Monday, October 24

Savage Review

Dan Savage's newest book -- The Commitment: Love, Sex, Marriage, and My Family -- tells the tale of how he and his pretty-mouthed partner Terry recently got married, despite the wishes of their son. Six-year-old DJ, like most boys his age and many much older, views marriage as a kind of super-cooties inflicted upon the male of the species by conniving girls. Since I'm currently in the middle of reading the book, I was sorry to see I missed a booksigning in Downtown DC last Friday.

The Washington Post recently featured a rather negative review of The Commitment by UCLA English Professor Carolyn See. The most surprising thing, which alarmed Chris, was how See wrote as if she was on loan from the WashTimes. She decried Savage as an uppity "homosexual activist" in a world where gays have plenty of rights (or maybe too many?)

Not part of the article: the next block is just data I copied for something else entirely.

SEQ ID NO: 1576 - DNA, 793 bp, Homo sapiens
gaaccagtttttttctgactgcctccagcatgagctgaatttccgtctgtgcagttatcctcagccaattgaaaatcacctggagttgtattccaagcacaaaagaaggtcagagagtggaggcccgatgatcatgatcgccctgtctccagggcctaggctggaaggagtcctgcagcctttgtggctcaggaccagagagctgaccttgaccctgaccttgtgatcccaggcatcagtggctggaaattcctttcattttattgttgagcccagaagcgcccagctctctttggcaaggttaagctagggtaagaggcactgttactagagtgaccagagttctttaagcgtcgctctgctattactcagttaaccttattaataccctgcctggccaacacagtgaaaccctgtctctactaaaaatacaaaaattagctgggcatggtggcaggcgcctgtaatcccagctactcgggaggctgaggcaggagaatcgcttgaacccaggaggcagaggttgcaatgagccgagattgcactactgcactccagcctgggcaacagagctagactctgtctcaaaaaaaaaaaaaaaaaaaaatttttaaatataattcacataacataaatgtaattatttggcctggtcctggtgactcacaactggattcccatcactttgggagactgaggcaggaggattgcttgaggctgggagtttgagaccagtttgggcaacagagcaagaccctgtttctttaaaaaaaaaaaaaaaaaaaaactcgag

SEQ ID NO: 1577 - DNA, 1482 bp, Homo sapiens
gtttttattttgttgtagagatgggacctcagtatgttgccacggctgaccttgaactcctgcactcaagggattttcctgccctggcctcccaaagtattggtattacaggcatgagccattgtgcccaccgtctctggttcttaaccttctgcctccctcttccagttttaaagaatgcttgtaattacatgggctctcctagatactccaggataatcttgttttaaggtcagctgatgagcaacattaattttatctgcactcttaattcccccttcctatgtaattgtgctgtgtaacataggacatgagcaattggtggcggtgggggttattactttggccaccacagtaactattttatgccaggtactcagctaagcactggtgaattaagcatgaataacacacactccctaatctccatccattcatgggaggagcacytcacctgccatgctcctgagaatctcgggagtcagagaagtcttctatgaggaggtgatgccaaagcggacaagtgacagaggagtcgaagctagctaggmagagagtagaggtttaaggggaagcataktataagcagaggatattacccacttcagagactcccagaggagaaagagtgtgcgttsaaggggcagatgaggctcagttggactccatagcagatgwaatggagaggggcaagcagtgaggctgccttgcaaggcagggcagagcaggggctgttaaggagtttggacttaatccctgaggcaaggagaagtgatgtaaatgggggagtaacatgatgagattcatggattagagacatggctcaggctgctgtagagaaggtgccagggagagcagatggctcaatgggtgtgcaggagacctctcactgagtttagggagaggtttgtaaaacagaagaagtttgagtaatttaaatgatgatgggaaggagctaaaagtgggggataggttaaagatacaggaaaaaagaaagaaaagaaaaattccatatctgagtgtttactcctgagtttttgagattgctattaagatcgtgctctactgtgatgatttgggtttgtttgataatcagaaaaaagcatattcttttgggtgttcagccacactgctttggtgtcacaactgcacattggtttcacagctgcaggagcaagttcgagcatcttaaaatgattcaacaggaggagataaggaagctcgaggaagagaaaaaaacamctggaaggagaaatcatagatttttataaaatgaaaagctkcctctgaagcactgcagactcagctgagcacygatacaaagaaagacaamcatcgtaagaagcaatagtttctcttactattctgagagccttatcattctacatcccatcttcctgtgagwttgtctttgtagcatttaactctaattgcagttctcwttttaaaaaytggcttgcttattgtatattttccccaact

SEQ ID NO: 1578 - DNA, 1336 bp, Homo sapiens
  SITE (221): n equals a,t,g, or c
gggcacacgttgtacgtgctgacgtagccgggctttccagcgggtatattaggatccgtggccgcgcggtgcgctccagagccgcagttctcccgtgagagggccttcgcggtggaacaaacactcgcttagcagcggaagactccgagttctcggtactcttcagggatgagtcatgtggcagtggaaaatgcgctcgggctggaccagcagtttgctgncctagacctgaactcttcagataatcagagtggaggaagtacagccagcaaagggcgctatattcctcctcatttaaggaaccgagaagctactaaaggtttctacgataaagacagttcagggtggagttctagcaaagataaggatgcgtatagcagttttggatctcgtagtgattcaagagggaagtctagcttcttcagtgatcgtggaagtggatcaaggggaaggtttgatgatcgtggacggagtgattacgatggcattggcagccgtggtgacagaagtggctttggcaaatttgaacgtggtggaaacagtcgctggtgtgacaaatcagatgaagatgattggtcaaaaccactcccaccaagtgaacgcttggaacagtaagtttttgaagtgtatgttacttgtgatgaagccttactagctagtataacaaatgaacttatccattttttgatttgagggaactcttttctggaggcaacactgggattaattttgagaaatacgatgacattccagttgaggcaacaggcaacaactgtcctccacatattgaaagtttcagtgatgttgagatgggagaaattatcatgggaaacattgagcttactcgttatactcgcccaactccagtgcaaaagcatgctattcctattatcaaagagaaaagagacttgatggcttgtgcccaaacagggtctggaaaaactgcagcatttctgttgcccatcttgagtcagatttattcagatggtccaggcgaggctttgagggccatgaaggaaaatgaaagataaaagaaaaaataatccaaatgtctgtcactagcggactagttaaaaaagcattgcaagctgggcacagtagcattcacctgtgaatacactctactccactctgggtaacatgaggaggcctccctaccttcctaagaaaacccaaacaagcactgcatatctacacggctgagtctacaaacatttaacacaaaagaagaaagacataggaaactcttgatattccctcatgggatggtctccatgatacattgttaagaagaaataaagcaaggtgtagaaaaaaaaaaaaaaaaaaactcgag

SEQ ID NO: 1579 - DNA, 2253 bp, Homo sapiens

A lot of this gay-marriage stuff is moot by now. In many states gay people can bequeath money to their partners. Plenty of gay people have a say in how their partners die in hospitals. James Dobson and his Focus on the Family may not like it, but that's beside the point. Even Disney gives benefits to "domestic partners." This is not to say that gays are first-class citizens in America, but neither are women or Mexicans or Middle Easterners. Savage fails to note any significant social progress or acknowledge the suffering of other repressed groups; he just drones on, preaching to the choir.

The humorless See calls Savage "sanctimonious personified" and even complains that he makes fun of the "morbidly obese." (I'm guessing she doesn't watch much South Park.) Not that I imagine many of his choir usual readers will mind: they are used to the self-described "insufferable, judgmental libertine," and read his books because he also happens to be funny and refreshingly non-P.C. Quite unlike Ms. See.